8.30.2005

1. This sux 2. This really sux 3. You used too many staples 4. You forgot to enlose a $20

Offers a Snarkling




Dear Miss Snark,I know agents are all very busy, but why do most of them write in code, e.g., "not quite right for my list"?I know you can't speak for other agents, but why not just tell us what's wrong: the plot goes off in ten directions, there's too much telling and not enough showing, not one of the characters is likable, too much description and backstory, start your story with a BANG. ... I hope you're doing the same kind of critique when someone sends you a real-life critique to your agency. One can only dream.To save time so you don't have to compose responses, which I guess is probably why we get those dreaded form letters, here's an idea. Why not just draw up a checklist of things that are wrong with submissions, then check off the ones that apply when a writer makes a submission and return it in the SASE. We'd know a lot more, and it wouldn't take a lot of your valuable time. Just an idea...


Dearest Snarklings,

No, Miss Snark is NOT offering her astute and well thought out comments to the writers in the slush pile. Miss Snark sends them a form letter saying "sorry not quite right for us". I'm sorry it's not helpful BUT....Miss Snark's job is NOT offering critiques. Her job is to sell work that is ready for the marketplace.

When you go to an audition to sing at the Met Opera, you get "thank you" at the end, not a critique.
When you submit work to an agent, you're saying you're ready to play in the big leagues.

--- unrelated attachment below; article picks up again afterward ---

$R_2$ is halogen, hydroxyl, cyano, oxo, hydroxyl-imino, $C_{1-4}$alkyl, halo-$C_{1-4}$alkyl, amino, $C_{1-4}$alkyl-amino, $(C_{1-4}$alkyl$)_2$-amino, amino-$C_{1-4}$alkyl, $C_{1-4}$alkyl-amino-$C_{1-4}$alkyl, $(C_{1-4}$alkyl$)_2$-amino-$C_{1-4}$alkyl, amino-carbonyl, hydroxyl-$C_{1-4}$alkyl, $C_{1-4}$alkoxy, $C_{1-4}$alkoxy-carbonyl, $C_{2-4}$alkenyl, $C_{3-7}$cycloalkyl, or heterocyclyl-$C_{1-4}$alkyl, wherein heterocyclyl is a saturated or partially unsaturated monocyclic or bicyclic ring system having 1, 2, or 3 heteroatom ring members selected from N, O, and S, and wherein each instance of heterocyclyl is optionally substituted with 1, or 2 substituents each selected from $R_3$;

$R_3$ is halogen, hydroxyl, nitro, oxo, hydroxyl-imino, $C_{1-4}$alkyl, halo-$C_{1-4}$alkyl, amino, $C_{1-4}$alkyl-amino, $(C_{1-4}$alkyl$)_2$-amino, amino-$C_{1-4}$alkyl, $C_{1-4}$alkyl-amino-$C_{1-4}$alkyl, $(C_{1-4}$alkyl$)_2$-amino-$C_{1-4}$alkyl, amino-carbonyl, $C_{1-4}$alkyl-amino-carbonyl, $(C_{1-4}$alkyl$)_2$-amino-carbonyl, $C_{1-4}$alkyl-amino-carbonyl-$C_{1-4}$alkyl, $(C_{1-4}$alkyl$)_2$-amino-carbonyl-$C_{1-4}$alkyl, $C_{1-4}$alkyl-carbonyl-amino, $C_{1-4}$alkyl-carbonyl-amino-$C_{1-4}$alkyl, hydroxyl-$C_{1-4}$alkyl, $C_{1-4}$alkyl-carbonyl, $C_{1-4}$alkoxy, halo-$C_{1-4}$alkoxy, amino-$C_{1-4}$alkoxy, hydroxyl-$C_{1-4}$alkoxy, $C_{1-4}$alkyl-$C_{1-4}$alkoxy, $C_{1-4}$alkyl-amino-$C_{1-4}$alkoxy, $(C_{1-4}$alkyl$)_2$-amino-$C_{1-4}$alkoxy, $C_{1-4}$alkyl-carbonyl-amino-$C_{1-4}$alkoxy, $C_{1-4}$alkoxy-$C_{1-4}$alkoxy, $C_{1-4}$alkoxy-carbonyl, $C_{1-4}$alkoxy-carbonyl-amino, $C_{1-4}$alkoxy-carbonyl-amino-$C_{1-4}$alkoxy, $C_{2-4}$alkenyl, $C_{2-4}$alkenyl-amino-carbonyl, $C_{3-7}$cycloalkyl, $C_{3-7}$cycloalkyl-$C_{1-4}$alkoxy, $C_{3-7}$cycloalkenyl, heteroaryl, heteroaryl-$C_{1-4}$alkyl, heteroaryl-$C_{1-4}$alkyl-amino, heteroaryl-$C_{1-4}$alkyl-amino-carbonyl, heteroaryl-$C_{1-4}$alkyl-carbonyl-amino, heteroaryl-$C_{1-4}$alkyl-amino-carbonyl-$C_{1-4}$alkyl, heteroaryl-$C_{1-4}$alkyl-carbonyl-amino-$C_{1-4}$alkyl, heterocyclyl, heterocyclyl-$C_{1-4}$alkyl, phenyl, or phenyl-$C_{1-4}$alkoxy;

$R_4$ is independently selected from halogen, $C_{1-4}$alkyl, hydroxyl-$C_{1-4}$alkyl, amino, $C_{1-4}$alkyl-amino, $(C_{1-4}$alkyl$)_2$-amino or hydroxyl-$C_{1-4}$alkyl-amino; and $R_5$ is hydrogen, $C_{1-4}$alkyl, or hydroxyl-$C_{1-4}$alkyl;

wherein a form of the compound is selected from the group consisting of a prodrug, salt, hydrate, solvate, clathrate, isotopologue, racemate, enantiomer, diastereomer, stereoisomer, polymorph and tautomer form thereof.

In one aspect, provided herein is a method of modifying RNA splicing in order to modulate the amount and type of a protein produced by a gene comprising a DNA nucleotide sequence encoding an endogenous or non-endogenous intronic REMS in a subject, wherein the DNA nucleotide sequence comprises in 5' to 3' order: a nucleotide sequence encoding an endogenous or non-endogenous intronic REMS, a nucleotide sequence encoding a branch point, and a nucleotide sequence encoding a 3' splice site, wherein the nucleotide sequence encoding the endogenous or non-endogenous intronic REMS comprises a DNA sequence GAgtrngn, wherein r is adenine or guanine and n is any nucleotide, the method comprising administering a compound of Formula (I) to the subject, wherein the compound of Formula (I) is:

One of the reasons I launched the Snarkometer was to help blog readers see how I looked at query letters. That's the reason they are on the blog, not handled privately in email...I wanted to reach more than one person at a time; it's a more effective use of resources.

The second reason I don't offer more helpful rejection letters is I've gotten some REALLY snarly letters back from people telling me I was a dimwit with no taste. Some of them were vitriolic enough to scare me, so I stopped doing THAT pretty quickly.

And third, as we've all seen, despite Miss Snark's sophistication and savoir-faire, tastes vary. What I don't like, others do. You can see that here on the blog after I say "yuck" someone will write on the comments line that they liked it.

And agents aren't as busy as they'd like you to think. There's a post on that somewhere back in the archives. If you're a mother of a toddler, trust me, you're busier than Miss Snark. ER doctors, nurses, receptionists, short order cooks too. We've got a lot of work, but generally we don't have hungry or sick people screaming at us to hurry up.

12 comments:

rachel said...

As the mother of a toddler, I would like to thank you for the acknowledgement of our hard work. I look forward to a mere 40 hour work week and bosses who may scream and behave irrationally, but generally don't crap their pants.

Bernita said...

Wait until you have four...

Christine said...

What Rachel said. Thanks, Miss Snark.

Here's one for the Snark dictionary. Snark-astrophe. Or Snarkaholic. One step up from a Snarkling.

Bill Peschel said...